Children and Traumatic Grief

Child Therapy Sterling, VA

“No on ever told me that grief felt so like fear.” C.S. Lewis, A Grief Observed

Grief is a very natural response to loss. It is a loss of someone or something important to us. We usually think of grief when there is a death but it may also come at the end of a significant relationship or as the result of a medical diagnosis that changes the course of our lives. Trauma is an emotional reaction to being exposed to, witnessing, or experiencing an event that involves actual or threatened death, serious injury, or sexual violence. Traumatic grief is the response that occurs when these two experiences intersect. It is a loss that is not just sad, it shakes our core sense of safety in the world.

With school shootings and suicides on the rise, our children are being exposed on a regular basis to traumatic situations. When it hits closer to home and that trauma mixes with grief, a child may have a particularly difficult time resolving their feelings of loss. To complicate it even more, the child’s parent or caregiver is likely to be experiencing traumatic grief as well, making it challenging to be emotionally available for their child.

If a child you know has experienced a traumatic loss, you might begin to notice signs that they are stuck in negative thoughts, feelings, and images about the event. You might notice:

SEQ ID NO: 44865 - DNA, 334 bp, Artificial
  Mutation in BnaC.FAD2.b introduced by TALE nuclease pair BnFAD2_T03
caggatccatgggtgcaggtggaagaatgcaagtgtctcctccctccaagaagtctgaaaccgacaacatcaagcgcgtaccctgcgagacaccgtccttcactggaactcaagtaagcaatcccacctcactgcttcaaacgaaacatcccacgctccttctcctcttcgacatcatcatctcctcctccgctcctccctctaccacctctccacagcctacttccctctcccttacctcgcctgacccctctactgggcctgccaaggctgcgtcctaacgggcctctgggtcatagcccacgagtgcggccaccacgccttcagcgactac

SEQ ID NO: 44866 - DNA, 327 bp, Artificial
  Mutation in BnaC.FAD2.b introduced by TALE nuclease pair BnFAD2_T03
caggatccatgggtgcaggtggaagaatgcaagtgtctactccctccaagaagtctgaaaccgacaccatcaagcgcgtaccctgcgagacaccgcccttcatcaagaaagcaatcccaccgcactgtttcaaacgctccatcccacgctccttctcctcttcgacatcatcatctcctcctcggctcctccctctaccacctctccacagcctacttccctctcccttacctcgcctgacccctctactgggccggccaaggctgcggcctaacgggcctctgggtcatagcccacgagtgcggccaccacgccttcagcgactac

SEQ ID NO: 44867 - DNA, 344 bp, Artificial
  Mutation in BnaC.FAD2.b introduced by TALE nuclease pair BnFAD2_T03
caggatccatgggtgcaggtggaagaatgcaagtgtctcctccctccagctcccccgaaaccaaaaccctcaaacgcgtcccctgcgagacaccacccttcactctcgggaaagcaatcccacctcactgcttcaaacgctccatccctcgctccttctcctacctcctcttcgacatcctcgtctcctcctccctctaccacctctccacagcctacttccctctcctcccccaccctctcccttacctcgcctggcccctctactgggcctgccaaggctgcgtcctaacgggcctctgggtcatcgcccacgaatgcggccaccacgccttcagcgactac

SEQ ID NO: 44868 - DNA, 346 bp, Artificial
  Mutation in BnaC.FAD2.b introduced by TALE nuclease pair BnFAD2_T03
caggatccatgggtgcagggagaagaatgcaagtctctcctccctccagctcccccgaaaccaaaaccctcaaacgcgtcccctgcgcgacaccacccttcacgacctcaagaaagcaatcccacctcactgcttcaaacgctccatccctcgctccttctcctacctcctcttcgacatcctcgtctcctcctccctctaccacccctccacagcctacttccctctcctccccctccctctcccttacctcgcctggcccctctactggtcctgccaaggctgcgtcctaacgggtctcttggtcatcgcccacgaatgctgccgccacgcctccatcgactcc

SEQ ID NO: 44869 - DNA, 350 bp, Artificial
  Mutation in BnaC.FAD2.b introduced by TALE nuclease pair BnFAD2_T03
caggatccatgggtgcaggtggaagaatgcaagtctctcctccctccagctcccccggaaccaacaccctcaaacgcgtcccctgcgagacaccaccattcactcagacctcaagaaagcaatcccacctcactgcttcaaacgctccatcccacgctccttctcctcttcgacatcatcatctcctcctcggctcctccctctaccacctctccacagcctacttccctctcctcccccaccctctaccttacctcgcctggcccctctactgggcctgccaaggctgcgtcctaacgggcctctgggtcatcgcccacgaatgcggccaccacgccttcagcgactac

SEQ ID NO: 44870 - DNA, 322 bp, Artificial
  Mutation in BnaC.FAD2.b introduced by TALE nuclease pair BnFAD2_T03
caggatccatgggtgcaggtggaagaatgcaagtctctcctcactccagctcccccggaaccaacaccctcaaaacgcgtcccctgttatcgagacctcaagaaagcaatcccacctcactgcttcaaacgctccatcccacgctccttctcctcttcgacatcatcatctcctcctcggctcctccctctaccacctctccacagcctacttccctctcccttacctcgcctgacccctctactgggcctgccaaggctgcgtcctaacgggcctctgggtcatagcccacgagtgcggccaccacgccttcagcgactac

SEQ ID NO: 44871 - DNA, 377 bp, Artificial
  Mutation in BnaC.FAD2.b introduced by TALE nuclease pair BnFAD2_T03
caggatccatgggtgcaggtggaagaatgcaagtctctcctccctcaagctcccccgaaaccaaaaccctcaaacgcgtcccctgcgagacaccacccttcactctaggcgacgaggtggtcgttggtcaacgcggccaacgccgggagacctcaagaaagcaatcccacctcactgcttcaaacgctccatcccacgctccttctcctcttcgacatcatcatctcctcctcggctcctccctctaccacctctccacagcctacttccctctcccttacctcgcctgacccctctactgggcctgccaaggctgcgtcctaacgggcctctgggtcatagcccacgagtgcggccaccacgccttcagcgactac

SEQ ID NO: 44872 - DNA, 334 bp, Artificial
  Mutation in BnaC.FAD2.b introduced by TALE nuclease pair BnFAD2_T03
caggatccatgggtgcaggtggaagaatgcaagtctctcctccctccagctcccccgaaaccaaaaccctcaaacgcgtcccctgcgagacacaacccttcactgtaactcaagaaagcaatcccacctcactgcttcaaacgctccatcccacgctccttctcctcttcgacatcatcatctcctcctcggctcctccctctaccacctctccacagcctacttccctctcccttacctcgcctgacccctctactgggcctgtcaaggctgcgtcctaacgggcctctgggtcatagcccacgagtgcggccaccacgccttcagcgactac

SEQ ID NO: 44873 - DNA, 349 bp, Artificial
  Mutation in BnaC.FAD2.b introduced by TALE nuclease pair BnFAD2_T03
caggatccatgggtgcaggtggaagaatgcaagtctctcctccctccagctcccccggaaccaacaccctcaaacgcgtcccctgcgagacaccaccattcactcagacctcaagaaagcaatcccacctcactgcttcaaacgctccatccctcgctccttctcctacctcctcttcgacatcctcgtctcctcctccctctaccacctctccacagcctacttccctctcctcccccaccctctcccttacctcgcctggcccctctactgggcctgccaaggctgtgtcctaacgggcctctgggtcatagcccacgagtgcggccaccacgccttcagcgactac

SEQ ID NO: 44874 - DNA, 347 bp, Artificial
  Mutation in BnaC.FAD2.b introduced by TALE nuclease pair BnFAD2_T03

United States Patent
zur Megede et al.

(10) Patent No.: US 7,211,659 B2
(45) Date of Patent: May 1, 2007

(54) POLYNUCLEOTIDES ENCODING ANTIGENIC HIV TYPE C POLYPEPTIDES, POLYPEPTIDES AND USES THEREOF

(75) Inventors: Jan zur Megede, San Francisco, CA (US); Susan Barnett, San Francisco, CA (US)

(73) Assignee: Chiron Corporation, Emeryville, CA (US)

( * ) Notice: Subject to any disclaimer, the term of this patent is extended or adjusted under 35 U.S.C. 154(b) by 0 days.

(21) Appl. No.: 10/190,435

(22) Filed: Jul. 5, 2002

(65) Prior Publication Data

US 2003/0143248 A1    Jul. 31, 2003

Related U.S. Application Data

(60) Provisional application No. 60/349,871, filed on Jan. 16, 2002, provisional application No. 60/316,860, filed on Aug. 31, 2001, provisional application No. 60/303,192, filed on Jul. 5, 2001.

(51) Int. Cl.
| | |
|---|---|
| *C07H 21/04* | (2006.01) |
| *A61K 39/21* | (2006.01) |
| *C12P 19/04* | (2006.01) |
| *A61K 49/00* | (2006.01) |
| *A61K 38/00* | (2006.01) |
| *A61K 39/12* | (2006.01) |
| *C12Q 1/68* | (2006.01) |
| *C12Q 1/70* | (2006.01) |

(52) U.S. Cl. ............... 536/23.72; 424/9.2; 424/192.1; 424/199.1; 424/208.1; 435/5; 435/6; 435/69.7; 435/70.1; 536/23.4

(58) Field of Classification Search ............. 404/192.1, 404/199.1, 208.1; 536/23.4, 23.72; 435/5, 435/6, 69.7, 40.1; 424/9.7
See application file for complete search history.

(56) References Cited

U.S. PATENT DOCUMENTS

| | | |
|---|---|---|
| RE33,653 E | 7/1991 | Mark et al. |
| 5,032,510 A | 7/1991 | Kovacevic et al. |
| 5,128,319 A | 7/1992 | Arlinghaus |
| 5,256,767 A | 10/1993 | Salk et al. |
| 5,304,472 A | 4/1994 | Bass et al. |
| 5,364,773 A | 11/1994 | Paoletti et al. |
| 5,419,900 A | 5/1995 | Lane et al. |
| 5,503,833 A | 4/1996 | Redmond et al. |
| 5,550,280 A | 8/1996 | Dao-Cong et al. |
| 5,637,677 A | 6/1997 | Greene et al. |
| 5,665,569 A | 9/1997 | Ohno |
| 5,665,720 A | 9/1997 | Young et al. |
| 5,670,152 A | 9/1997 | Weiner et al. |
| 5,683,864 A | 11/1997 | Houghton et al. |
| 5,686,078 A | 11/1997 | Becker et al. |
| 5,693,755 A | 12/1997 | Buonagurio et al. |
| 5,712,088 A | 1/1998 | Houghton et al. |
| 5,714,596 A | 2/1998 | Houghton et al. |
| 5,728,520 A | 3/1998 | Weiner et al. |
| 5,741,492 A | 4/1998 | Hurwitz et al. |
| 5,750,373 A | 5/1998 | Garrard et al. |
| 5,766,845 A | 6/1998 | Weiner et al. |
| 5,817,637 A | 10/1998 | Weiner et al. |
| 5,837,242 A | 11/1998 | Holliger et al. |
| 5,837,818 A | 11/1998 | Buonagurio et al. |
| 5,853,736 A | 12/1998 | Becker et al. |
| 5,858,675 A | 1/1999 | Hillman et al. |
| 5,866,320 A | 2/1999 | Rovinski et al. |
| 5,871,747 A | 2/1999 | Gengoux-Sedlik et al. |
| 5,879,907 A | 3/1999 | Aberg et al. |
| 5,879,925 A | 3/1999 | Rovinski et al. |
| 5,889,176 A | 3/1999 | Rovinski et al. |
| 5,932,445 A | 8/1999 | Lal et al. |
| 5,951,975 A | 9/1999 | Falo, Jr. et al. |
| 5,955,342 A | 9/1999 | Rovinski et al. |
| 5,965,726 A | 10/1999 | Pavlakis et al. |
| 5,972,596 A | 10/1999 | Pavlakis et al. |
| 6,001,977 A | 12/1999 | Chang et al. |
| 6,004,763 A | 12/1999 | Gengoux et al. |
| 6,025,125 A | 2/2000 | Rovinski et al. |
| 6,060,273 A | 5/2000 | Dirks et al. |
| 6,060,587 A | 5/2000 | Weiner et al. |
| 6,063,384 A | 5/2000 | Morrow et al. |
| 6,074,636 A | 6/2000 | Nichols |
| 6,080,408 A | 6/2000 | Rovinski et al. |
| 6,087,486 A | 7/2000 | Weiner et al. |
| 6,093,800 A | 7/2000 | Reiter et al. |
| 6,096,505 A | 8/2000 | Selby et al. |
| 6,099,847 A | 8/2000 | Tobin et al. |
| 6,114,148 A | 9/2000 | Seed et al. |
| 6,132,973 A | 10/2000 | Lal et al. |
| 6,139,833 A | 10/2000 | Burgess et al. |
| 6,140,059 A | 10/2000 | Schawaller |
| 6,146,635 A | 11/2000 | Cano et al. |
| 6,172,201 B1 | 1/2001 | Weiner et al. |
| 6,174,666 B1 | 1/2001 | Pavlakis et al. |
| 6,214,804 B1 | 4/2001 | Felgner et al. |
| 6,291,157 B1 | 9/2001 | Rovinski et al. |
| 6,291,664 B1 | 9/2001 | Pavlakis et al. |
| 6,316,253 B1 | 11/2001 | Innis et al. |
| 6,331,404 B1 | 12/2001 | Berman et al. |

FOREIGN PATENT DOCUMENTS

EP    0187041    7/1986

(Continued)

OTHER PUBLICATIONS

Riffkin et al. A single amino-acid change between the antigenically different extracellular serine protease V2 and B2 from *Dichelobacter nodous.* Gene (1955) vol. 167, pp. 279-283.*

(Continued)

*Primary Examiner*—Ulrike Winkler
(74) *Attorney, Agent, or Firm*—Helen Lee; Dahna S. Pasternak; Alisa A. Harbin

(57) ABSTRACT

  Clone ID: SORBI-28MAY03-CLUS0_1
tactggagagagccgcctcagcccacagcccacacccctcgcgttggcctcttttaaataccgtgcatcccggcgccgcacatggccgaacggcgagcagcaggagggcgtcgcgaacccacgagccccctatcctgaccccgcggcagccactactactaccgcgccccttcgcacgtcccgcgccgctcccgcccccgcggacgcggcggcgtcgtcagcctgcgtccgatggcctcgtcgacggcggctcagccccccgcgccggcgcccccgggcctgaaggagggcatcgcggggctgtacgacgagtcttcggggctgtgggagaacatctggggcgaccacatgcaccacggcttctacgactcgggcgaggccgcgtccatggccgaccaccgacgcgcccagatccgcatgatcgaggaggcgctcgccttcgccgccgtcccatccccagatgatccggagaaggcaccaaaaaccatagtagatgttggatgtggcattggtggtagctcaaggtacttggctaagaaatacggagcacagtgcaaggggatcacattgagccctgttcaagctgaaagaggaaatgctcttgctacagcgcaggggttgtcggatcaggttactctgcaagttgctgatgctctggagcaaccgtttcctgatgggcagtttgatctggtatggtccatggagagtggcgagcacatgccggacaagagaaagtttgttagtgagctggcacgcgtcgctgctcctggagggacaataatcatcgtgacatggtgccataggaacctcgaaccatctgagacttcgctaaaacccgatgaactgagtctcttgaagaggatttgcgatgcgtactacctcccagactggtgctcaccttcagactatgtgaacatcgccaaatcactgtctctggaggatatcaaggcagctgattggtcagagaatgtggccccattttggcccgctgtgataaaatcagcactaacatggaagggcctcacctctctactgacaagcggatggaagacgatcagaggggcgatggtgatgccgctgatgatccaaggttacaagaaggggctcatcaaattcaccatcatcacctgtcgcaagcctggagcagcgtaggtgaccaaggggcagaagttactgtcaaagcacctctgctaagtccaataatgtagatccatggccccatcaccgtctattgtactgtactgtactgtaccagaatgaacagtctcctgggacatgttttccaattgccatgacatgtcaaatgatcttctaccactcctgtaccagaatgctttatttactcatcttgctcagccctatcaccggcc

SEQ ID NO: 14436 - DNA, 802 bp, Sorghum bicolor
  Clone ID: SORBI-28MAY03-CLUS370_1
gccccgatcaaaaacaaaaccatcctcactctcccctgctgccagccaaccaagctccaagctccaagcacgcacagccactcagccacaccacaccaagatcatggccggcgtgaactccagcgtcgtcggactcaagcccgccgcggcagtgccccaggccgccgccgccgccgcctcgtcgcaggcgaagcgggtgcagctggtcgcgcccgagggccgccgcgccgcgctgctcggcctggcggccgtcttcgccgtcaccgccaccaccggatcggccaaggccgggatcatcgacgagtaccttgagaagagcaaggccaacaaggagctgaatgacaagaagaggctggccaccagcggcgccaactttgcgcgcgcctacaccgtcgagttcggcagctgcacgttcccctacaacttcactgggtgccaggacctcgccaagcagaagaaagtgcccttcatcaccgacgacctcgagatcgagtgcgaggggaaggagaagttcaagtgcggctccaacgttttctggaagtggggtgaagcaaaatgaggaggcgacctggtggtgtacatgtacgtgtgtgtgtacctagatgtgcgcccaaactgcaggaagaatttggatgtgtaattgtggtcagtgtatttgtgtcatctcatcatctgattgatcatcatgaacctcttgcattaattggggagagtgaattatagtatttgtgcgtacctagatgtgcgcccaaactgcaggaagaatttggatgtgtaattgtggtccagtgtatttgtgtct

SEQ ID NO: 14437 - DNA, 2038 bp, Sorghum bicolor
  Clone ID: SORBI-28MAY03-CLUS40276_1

• Changes in sleep patterns (staying up late or sleeping all day)
  • Regressive behaviors, such as bed-wetting in a child who has been potty trained for some time
  • Extreme emotions when separated from a caregiver. They may cry, become anxious, or have outbursts of anger.
  • Refusal to talk about the person who died. Or if, the individual experienced a life-changing medical situation, the child may avoid being around them.
  • A loss of interest in activities they previously enjoyed.
  • Frequently sad
  • Outbursts of anger, often unrelated to the loss.
  • Difficulty concentrating in school or at home.
  • Frequent stomach aches, headaches, or difficulty breathing when anxious.
  • Feeling irrational guilt about the cause of the event.
  • Hypervigilance: easily startled, always on guard against perceived threats, easily irritated.
  • Self-injury and risky behaviors.

If you know a child who is experiencing some of the symptoms of traumatic grief, reach out to a counselor who works with children. It’s important for your child and for you to receive support and to have a safe place to work through these emotions. Our clinical staff includes counselors/therapists experienced with traumatic grief in children and adults. Reach out for a free phone consultation or to schedule your first appointment.

Hannah Lindsay, MSW, LCSW-C provides individual and family therapy in our Sterling, VA office. Contact Hannah at 703-951-6409 or hannah@lindseyhoskins.com to set up a first appointment or a complimentary telephone consultation.